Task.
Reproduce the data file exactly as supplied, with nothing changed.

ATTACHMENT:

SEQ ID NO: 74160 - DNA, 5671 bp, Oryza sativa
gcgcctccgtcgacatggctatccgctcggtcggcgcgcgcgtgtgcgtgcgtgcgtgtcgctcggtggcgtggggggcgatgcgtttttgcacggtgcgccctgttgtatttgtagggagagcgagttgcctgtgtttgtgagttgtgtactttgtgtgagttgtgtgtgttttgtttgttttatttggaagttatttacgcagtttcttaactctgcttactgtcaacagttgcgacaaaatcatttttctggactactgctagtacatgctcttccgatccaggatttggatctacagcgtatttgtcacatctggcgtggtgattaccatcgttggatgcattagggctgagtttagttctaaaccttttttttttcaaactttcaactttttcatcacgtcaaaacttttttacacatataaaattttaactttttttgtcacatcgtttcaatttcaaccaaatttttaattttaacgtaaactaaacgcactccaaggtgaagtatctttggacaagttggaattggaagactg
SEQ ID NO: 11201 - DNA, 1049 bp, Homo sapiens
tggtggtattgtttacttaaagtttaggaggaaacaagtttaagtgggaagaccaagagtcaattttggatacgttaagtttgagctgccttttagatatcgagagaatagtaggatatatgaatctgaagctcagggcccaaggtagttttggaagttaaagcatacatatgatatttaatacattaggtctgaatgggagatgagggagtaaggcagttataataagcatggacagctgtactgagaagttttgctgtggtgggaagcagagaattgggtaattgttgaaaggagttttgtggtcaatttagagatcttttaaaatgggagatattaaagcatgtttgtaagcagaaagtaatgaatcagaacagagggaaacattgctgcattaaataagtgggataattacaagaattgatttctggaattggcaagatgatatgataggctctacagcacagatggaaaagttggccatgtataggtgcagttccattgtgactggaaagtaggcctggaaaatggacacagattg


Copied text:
SEQ ID NO: 74160 - DNA, 5671 bp, Oryza sativa
gcgcctccgtcgacatggctatccgctcggtcggcgcgcgcgtgtgcgtgcgtgcgtgtcgctcggtggcgtggggggcgatgcgtttttgcacggtgcgccctgttgtatttgtagggagagcgagttgcctgtgtttgtgagttgtgtactttgtgtgagttgtgtgtgttttgtttgttttatttggaagttatttacgcagtttcttaactctgcttactgtcaacagttgcgacaaaatcatttttctggactactgctagtacatgctcttccgatccaggatttggatctacagcgtatttgtcacatctggcgtggtgattaccatcgttggatgcattagggctgagtttagttctaaaccttttttttttcaaactttcaactttttcatcacgtcaaaacttttttacacatataaaattttaactttttttgtcacatcgtttcaatttcaaccaaatttttaattttaacgtaaactaaacgcactccaaggtgaagtatctttggacaagttggaattggaagactg
SEQ ID NO: 11201 - DNA, 1049 bp, Homo sapiens
tggtggtattgtttacttaaagtttaggaggaaacaagtttaagtgggaagaccaagagtcaattttggatacgttaagtttgagctgccttttagatatcgagagaatagtaggatatatgaatctgaagctcagggcccaaggtagttttggaagttaaagcatacatatgatatttaatacattaggtctgaatgggagatgagggagtaaggcagttataataagcatggacagctgtactgagaagttttgctgtggtgggaagcagagaattgggtaattgttgaaaggagttttgtggtcaatttagagatcttttaaaatgggagatattaaagcatgtttgtaagcagaaagtaatgaatcagaacagagggaaacattgctgcattaaataagtgggataattacaagaattgatttctggaattggcaagatgatatgataggctctacagcacagatggaaaagttggccatgtataggtgcagttccattgtgactggaaagtaggcctggaaaatggacacagattg